Other techniques may be used to destroy a tumor, and sometimes the techniques are used during a surgical procedure.
In ablation therapy, a probe is inserted directly into the tumor. Energy is passed through the probe, which heats the tumor cells beyond the boiling point and kills them, without damaging healthy tissue around the tumor. Carcinoid tumors respond quite well to ablation.
Ablation is much less invasive than surgery. Ablation is an outpatient procedure done under heavy sedation. Patients go home the same day with a Band-Aid. Surgeons can also perform ablation on patients during a surgical procedure.
Types of ablation include:
Embolization is a procedure that packs a one-two punch. The procedure sends anticancer agents directly into the tumor. The procedure also cuts off the blood supply to the tumor, effectively starving the tumor and keeping the treatment at the disease site. Carcinoid tumors tend to have a particularly rich blood supply, which makes them a particularly good candidate for embolization.
Embolization has relatively few side effects because the chemotherapy drugs or radiation are so localized and don’t travel throughout the body. Since it’s not as toxic as chemotherapy or radiation, embolization can be used when other treatments have failed without decreasing a person’s quality of life.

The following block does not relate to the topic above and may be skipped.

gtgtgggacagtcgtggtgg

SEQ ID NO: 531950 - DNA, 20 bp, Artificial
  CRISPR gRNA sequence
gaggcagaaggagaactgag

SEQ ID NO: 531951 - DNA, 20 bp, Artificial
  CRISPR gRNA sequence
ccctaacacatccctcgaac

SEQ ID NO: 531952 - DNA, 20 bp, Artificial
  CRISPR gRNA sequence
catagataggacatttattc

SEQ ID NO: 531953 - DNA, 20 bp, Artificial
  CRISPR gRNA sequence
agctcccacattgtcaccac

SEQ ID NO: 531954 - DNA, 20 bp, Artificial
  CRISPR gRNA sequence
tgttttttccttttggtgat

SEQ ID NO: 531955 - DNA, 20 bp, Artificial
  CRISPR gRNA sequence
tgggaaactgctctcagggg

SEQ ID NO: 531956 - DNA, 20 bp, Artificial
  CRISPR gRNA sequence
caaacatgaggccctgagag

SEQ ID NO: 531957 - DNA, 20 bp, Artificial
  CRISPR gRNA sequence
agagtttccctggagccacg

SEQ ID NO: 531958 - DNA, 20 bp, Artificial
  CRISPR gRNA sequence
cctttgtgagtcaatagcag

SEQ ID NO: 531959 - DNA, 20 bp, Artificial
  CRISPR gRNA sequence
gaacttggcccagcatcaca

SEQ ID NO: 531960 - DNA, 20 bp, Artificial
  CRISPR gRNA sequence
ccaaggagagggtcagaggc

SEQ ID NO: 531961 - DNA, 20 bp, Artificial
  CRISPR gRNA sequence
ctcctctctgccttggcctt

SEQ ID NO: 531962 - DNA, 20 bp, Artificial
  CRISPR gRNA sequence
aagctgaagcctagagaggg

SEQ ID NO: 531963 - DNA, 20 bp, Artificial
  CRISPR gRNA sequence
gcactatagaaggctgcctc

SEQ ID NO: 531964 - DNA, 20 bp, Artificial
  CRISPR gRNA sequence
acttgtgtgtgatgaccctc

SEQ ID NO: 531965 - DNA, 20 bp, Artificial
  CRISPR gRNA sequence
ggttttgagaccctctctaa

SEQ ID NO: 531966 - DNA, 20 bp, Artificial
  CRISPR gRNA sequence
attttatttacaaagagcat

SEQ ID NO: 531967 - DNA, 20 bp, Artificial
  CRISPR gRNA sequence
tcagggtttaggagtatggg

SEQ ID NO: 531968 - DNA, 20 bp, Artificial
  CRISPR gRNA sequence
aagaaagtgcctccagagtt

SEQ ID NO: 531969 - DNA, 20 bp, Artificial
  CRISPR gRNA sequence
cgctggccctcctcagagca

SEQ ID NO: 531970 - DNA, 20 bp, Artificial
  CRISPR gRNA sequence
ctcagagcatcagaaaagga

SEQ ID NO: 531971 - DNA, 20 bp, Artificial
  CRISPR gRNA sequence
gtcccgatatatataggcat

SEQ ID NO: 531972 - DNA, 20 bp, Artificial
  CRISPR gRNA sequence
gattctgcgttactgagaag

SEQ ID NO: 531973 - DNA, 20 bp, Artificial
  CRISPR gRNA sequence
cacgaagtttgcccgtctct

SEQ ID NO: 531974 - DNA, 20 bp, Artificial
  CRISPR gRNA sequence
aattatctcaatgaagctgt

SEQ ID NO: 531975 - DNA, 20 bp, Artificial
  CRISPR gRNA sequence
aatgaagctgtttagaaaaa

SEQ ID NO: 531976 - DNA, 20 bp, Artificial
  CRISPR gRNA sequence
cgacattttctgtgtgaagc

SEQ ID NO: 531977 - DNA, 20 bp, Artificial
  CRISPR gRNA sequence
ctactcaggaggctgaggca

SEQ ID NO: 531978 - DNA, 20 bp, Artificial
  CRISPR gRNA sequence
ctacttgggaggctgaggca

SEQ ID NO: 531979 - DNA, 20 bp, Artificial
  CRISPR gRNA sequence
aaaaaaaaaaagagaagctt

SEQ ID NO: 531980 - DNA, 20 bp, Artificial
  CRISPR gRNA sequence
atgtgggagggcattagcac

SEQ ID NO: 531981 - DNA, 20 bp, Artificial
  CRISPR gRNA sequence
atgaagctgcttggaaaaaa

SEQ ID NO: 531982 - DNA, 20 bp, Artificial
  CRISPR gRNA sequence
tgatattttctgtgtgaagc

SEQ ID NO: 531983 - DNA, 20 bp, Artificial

Embolization treatments generally are completed in two to three sessions.
Roswell Park offers two treatments using this approach:
Drugs called somatostatin analogs have been shown to control symptoms as well as slow down tumor cell growth. They can minimize the need for surgeries and other procedures. They are given as injections on an outpatient basis.
These drugs are generally given intravenously. They are used less often now that newer, less toxic oral drugs are available and have more favorable response rates. Interferon alpha (given as a subcutaneous injection) continues to be used for carcinoid tumors.
Recent clinical studies of novel agents have demonstrated promising activity in patients with advanced neuroendocrine tumors.
These tumors have aberrant signaling between cells, and newer therapies aim to block those signaling pathways. This would interfere with the growth and spread of neuroendocrine tumors.
Ongoing randomized studies should help better define the role these and other targeted agents will play in the future treatment of patients with this disease.